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Doc Gooden releases a new memoir

06/07/2013 11:19 AM ET
By Matt Hughes

Doc Gooden throws out the first pitch at a Mets game in 2010.(AP)
"Doc: A Memoir," is the new book penned by Doc Gooden.

The revealing look into the life and career of the former pitcher chronicles the remarkable highs and lows of Gooden's career, including the glory of winning the World Series and the despair during his battle with addiction.

Gooden broke into Major League Baseball with the New York Mets in 1984 as a hard-throwing righty. His greatest season -- and one of baseball's historic performances by a pitcher -- came in 1985 when Gooden posted a 24-4 record and 1.53 ERA en route to the National League Cy Young award. With Gooden as their ace, the Mets went on to win the World Series in 1986.

At the top of his game, Gooden was already battling his own demons. A passage in the book tells the story of Gooden missing the famous Canyon of Heroes parade in Manhattan celebrating the Mets World Series victory.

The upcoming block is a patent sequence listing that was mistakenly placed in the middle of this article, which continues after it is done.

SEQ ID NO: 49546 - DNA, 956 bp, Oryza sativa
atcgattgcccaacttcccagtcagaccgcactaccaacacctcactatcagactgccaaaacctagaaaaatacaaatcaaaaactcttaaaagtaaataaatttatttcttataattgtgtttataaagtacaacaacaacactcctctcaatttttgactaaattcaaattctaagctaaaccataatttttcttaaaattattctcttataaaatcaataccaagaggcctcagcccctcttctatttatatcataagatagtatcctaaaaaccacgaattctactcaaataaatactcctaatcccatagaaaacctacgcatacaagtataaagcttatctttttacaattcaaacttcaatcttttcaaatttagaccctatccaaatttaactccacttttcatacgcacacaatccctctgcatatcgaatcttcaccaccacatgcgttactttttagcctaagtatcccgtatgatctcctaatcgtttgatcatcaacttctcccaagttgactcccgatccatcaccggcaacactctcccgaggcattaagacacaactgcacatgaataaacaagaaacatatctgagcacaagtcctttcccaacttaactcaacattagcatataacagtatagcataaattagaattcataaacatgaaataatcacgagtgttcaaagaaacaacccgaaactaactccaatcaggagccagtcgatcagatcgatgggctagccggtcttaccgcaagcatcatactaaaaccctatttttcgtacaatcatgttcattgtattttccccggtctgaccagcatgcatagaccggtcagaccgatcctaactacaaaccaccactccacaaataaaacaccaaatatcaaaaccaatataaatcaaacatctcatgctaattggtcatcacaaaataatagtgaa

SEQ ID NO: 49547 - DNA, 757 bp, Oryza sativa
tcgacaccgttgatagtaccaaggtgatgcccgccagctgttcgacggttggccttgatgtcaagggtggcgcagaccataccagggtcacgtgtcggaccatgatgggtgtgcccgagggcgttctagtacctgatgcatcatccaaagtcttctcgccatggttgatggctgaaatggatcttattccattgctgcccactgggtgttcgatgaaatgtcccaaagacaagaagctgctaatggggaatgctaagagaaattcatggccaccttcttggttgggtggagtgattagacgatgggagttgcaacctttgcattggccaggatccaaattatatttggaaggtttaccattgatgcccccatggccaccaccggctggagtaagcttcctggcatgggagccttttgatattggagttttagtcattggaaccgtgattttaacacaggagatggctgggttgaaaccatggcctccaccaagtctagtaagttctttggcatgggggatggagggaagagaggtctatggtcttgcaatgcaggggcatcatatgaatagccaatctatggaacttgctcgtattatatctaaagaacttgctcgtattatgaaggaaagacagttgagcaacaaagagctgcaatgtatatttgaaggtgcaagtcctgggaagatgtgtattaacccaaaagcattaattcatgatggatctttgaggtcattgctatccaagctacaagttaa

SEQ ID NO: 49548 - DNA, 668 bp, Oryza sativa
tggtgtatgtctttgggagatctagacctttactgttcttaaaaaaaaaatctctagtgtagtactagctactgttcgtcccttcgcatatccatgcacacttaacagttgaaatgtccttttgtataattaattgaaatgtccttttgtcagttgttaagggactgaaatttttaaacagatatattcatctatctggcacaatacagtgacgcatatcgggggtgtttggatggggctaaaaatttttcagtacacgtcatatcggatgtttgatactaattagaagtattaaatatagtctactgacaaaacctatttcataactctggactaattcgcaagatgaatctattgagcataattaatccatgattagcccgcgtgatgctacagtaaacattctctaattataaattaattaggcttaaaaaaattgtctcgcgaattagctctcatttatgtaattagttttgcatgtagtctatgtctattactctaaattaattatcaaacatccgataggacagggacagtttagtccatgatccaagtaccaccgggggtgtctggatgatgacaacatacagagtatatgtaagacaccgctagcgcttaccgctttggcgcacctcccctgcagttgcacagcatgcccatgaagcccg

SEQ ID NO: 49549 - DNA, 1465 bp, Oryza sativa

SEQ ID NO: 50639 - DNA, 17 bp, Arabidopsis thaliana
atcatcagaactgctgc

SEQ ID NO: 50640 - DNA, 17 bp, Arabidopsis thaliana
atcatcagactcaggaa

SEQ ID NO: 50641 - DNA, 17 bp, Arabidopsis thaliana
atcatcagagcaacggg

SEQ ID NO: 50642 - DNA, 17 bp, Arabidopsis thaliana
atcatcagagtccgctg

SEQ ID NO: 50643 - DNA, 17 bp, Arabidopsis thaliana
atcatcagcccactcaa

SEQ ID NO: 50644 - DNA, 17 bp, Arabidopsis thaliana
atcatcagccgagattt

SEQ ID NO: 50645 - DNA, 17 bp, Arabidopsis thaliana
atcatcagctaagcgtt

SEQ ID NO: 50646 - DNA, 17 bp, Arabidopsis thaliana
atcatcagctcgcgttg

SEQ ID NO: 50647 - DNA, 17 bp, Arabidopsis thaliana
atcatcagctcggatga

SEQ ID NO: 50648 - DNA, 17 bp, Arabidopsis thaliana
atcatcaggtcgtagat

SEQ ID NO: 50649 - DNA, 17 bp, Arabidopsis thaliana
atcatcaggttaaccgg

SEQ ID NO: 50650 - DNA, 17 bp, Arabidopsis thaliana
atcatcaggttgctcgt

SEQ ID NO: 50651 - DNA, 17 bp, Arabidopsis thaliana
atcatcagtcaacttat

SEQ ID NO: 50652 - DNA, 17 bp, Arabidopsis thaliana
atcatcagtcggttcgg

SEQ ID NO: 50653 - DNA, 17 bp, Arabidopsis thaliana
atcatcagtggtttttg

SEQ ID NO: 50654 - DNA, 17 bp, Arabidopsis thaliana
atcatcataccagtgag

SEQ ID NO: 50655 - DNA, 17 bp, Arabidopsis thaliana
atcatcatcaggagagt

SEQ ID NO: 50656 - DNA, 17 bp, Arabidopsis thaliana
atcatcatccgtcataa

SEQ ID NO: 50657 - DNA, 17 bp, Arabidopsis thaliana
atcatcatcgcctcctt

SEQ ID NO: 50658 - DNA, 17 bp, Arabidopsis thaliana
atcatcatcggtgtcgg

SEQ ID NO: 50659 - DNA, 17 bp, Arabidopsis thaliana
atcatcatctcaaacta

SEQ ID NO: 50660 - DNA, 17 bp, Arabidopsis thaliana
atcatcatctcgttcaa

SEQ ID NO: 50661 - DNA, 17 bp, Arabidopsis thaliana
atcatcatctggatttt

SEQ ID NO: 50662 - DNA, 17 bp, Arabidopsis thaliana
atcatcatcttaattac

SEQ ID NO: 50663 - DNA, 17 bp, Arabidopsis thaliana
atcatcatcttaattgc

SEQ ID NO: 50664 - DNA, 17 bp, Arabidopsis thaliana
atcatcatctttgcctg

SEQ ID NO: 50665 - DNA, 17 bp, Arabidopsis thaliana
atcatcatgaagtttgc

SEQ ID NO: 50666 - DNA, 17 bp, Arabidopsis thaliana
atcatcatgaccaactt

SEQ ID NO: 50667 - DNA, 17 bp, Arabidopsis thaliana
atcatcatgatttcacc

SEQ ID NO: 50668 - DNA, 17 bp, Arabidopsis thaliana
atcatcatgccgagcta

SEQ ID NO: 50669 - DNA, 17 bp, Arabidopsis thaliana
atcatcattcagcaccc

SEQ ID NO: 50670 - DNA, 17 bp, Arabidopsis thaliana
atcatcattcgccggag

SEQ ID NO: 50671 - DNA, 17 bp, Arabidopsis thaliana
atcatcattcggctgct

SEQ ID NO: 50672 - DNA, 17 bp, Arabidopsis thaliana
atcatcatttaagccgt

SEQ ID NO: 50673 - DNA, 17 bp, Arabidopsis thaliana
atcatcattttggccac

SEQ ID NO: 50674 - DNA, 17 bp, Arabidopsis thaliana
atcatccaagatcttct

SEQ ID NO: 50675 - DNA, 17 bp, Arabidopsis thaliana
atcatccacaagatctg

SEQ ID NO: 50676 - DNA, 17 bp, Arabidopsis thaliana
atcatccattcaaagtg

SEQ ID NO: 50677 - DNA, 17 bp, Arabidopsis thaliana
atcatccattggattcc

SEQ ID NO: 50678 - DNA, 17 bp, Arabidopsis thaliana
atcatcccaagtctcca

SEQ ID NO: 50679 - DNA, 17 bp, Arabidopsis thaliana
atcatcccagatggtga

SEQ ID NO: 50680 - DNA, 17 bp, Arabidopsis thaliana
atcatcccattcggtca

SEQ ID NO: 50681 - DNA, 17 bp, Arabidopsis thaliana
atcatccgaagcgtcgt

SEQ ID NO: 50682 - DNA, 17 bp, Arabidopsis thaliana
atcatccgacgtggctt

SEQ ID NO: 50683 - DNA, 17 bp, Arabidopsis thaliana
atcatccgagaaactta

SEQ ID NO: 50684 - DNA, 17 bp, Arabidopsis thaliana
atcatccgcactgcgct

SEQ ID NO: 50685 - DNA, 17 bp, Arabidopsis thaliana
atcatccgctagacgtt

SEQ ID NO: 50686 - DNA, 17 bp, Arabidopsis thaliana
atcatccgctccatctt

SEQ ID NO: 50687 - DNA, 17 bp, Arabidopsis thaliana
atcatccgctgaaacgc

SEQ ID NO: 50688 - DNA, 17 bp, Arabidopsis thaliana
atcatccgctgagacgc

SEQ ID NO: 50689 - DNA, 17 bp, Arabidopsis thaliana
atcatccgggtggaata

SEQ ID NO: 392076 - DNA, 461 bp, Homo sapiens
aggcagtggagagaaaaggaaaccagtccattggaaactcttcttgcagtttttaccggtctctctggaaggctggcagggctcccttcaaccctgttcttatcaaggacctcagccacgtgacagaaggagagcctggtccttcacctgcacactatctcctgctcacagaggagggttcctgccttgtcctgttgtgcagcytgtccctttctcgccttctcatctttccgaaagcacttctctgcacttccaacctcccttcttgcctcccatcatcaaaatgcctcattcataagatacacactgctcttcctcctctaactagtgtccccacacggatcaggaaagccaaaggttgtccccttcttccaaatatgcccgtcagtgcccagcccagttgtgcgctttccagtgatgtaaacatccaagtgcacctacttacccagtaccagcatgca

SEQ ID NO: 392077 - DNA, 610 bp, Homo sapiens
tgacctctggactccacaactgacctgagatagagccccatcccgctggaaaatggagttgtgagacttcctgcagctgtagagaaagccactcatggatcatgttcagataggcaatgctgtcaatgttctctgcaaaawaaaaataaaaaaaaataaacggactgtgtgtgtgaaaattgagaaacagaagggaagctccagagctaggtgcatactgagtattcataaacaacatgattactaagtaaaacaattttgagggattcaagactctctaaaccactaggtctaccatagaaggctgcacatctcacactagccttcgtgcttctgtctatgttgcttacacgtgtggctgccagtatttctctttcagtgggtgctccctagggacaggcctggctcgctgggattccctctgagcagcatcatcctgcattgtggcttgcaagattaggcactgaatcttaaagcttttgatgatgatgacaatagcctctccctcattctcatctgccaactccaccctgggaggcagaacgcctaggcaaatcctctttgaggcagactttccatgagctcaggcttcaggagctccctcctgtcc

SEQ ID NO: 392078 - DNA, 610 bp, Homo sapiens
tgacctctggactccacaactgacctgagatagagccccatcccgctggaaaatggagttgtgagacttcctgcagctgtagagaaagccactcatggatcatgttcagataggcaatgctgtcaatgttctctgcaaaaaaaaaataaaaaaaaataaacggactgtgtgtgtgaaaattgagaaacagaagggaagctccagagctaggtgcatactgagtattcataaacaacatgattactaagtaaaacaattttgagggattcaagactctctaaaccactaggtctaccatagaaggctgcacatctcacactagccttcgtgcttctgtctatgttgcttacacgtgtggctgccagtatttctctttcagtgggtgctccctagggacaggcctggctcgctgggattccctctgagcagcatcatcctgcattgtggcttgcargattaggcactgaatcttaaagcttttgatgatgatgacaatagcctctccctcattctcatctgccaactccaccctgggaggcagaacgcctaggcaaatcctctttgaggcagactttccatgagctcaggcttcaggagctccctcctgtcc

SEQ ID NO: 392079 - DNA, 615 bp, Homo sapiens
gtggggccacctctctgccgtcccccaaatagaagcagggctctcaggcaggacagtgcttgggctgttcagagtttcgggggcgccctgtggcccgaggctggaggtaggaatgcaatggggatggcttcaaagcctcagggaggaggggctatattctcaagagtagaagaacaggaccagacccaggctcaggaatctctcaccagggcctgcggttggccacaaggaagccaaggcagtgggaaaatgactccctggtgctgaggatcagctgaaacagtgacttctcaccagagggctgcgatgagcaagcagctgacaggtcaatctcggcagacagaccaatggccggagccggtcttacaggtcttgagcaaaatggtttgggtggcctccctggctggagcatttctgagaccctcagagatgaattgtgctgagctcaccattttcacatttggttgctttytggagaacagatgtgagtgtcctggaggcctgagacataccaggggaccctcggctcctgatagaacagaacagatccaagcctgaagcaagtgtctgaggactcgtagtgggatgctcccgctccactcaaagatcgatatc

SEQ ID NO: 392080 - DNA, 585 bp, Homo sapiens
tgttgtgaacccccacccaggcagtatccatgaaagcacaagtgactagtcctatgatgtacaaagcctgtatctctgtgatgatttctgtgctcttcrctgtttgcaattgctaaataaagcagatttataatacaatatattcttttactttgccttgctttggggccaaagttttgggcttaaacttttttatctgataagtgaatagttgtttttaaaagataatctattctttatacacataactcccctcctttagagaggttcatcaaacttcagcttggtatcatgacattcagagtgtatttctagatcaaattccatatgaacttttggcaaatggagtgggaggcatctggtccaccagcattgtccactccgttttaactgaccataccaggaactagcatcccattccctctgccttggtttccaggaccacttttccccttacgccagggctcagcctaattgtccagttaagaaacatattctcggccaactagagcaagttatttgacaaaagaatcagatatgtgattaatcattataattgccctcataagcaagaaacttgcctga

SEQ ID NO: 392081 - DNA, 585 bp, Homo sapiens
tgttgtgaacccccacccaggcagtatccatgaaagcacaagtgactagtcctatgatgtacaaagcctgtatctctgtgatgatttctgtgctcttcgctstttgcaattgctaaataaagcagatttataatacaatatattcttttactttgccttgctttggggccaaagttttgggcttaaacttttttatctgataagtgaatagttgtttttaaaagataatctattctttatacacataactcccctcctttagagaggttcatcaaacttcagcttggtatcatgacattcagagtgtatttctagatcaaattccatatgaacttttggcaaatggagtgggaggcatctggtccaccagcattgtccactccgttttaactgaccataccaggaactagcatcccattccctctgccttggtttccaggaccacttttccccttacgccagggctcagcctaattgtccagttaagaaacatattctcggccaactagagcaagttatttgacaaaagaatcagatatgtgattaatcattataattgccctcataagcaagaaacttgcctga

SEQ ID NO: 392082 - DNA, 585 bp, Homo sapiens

"As my teammates rode through the Canyon of Heroes, I was alone in my bed in Roslyn, Long Island, with the curtains closed and the TV on, missing what should have been the greatest morning of my life.

I'd spent all night in a sketchy housing project apartment near the Roosevelt Field mall, getting wasted with a bunch of people I hardly even knew. I was drinking shots of vodka. I was snorting lines of cocaine. And more lines of cocaine -- and more lines of cocaine. I didn't leave the drug party until after the sun came up. As my teammates toasted our triumph, I was nursing a head-splitting coke-and-booze hangover, too spent, too paranoid, and too mad at myself to drag my sorry butt to my own victory parade.

I had never felt so lonely before.

I hope I never feel that way again."

After years of ups and downs, Gooden would seek redemption with the New York Yankees in 1996. In the book, Gooden discusses the inspiration behind the no-hitter he threw for the Yankees before winning two more World Series championships.

Also detailed in the book are Gooden's close friendships with baseball's greats Pete Rose, George Steinbrenner, Joe Torre and nephew Gary Sheffield and the troubled relationship Gooden had with former teammate Darryl Strawberry.

Gooden retired from baseball in 2000 with a 194-112 record and 3.51 ERA.

Doc: A Memoir, is available from Houghton Mifflin Harcourt.

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